The Circles suit  – or, as we call them, the Dots suit – is the original suit of the Mah Jongg tiles; the Bamboo (Bams) and Wan (Craks) suits were added later. The similarity of the circles to coins leads to the belief that the majority of the Circles suit tiles are connected to money or business. Tiles in this suit are numbered from 1- 9 and are described below.

image  1 Circles
Chinese Character: “Chu”
The first of the Circles suit and represented by the pearl – its Chinese name is “the Moon from the Bottom of the Sea”. Pearls indicate the refinement of a connoisseur and so this tile suggests luxury and wealth.

image  2 Circles
Chinese Character: “Sung”
Represented by the pine tree and symbolizing the qualities of the tree – firmness and strength – and therefore often linked to a young man. Perhaps a lover, younger brother, or son. It is also linked with writing and drawing (not painting) because the wood of the pine makes the finest charcoal and its soot the finest ink. It can therefore indicate a resolute person who chooses diplomacy rather than violence.

image  3 Circles
Chinese Character: “Feng”
Symbolized by the phoenix – in Chinese legend the phoenix is a bird that is said to appear only at the beginning of a reign of a benign Emperor, when Earth and Heaven are in harmony. It therefore signifies happiness, joy, and splendor. It is the symbol of the Red Bird of Summer, one of the four great Chinese astrological constellations and is therefore associated with the South Wind.

image  4 Circles
Chinese Character: “Yü”
Represented by jade – in China it is prized above gold. But jade when taken from the ground is a dull piece of rock; it only acquires value when time, work, and skill have transformed the raw stone to an object worthy of admiration. Jade does not fade, rust, or decay; it is a treasure that survives for all time. Jade therefore represents hard work, but work to a worthy end. It also represents lasting values, long friendships, long life, and a sense of justice.

image  5 Circles
Chinese Character: “Lung”
Symbolized by the dragon – a symbol of good luck and fortune. It represents sudden and unexpected fortune rather than rewards through diligent efforts. It is therefore associated with gamblers and gaming. 5 Circle can also be symbolized by the Plum Blossom, the first sign of spring and it can represent the hopes for luck and fortune in the newly arrived year.

image  6 Circles
Chinese Character: “Tao”
Symbolized by the peach, the softness and fragrance of which express the qualities of feminine beauty. It often denotes the influence, appearance, or interference of a young girl who can be a lover, daughter, or younger sister. The peach can also represent extravagance and indolence. And, as we saw from my unforgettable birthday party post, the peach can also represent immortality.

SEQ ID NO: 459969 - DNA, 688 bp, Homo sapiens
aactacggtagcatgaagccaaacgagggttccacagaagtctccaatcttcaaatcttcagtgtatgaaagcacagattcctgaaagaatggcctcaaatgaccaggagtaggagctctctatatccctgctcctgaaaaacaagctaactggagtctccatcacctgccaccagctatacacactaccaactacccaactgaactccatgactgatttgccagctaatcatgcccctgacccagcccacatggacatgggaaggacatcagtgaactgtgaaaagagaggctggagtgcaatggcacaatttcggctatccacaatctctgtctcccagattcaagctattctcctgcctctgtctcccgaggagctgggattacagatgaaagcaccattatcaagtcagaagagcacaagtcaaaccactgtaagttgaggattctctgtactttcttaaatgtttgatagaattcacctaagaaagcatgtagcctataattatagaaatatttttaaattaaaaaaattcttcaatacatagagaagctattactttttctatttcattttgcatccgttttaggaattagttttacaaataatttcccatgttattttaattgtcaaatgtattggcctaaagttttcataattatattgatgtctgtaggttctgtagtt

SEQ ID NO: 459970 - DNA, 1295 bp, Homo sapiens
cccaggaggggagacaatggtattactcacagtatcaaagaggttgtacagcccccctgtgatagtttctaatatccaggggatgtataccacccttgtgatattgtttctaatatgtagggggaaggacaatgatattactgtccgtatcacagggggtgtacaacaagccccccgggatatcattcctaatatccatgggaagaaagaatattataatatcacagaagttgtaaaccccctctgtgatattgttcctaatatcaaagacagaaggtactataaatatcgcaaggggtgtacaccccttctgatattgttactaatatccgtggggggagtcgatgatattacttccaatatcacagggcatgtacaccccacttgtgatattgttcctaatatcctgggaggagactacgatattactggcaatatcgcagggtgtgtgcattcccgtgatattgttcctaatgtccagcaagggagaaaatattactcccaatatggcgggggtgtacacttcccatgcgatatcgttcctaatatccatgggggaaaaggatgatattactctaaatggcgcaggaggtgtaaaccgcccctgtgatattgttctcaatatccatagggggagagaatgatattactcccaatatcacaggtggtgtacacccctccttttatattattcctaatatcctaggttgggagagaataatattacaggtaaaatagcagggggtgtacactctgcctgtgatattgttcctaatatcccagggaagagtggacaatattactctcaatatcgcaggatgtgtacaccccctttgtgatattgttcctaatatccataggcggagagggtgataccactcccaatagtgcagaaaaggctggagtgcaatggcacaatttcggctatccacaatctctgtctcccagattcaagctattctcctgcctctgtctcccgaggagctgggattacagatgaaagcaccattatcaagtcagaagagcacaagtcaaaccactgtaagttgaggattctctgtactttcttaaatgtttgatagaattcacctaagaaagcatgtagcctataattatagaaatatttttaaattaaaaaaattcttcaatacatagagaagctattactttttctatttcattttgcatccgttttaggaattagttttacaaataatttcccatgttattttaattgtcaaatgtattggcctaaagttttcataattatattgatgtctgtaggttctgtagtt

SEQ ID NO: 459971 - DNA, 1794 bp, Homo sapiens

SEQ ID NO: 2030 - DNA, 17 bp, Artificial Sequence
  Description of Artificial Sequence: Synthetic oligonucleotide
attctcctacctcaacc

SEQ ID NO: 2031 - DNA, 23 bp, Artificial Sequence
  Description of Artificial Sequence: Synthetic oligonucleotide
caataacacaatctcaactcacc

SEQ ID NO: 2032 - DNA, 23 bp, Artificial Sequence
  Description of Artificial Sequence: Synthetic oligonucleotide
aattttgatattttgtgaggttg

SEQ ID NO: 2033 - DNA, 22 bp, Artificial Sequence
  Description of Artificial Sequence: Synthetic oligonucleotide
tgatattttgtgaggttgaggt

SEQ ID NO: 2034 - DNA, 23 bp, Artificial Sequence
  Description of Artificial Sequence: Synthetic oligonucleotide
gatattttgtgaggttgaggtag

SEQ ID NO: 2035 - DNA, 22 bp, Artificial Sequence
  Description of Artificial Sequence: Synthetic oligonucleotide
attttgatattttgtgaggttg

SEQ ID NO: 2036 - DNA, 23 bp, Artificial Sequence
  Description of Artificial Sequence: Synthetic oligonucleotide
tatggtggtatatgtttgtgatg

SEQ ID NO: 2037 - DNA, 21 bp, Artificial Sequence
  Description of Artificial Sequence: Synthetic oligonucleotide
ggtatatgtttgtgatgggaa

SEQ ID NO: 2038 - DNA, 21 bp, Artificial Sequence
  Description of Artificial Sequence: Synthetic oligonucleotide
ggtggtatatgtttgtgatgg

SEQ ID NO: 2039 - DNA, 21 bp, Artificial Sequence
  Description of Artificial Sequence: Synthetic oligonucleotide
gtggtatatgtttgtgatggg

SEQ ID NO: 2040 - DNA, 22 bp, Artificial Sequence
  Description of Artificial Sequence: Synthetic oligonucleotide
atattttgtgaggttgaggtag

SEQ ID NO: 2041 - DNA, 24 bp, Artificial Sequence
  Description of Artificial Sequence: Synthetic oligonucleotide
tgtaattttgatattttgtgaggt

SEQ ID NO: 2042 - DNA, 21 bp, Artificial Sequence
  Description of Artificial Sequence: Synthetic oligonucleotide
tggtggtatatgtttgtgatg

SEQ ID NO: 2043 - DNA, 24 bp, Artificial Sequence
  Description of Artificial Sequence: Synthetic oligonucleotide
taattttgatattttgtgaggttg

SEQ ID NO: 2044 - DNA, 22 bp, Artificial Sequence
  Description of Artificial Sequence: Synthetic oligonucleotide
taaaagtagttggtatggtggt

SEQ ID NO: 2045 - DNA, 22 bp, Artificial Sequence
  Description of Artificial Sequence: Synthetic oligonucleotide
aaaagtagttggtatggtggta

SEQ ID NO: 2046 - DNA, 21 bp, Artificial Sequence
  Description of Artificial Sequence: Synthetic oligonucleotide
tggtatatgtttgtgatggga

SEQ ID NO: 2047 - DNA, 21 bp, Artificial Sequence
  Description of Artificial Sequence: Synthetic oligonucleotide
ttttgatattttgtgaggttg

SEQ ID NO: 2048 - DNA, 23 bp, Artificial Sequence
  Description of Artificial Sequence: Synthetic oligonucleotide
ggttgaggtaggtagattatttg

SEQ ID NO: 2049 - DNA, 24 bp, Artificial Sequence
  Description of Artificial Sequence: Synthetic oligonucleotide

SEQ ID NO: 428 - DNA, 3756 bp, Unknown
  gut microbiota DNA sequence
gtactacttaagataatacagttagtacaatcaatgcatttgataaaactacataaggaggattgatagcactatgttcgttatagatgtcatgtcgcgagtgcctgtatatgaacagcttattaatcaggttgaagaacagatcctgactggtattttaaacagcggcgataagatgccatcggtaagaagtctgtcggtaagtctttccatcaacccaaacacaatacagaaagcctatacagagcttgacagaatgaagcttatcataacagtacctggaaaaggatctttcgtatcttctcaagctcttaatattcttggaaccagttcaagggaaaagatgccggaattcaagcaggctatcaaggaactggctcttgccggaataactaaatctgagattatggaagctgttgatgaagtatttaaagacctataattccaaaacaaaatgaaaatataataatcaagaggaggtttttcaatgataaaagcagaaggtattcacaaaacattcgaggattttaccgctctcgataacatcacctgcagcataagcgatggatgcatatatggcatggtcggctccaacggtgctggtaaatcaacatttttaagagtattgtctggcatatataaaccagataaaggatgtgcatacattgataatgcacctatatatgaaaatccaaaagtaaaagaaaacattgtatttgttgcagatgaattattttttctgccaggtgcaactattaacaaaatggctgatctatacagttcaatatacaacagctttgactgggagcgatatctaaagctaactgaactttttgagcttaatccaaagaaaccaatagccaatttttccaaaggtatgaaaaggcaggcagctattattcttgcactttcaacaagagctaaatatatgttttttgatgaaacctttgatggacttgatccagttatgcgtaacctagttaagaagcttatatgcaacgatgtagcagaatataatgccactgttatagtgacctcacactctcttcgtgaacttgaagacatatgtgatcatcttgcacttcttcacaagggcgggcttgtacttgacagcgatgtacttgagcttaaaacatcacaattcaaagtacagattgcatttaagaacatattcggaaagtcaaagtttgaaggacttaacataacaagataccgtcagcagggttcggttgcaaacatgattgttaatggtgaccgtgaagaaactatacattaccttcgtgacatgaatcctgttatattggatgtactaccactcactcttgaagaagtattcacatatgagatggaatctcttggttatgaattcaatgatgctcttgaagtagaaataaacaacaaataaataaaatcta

image  7 Circles
Chinese Character: “Ch’ung”
Represented by the insect, and signifying industrious, because of the behaviour of the insect, for example, the silk worm spinning its thread, the ant building its city and the bees gathering food. The insect is the counterpart of jade (4 Circles). Whereas jade represents sustained effort bringing lasting reward, the insect represents a period of busy activity over a short period, perhaps for no eventual purpose, but the reward can be temporary achievement. The fragility of the insect also represents weakness and therefore can indicate that a situation is not as weighty as first thought.

image  8 Circles
Chinese Character: “Hu”
Symbolized by the white tiger, and the most masculine of all tiles. It represents authority and bravery, but also aggression. It can mean an officer, a person in uniform, or one’s superiors such as the police or bureaucrats. It can also reveal a father or the elder of two boys. The white tiger is a constellation of Autumn and is therefore associated with the West Wind.

image  9 Circles
Chinese Character: “Ch’i”
The symbol is the unicorn – in Chinese legend one of the signs that appear in the reign of a good Emperor. The unicorn is regarded as having powers to see into the future, a talent that was passed on to mortals who gazed into pools of water by the light of the unicorn’s burning horn. The significance of the unicorn is therefore the ability to foresee events and can signify the gift of clairvoyance. On a more material level it indicates a natural ability of a person to keep ahead of events or rivals – a sense of being able to judge other people’s characters with uncanny accuracy by seeing through them.


Thanks to The World of Mahjong Webring for these interpretations.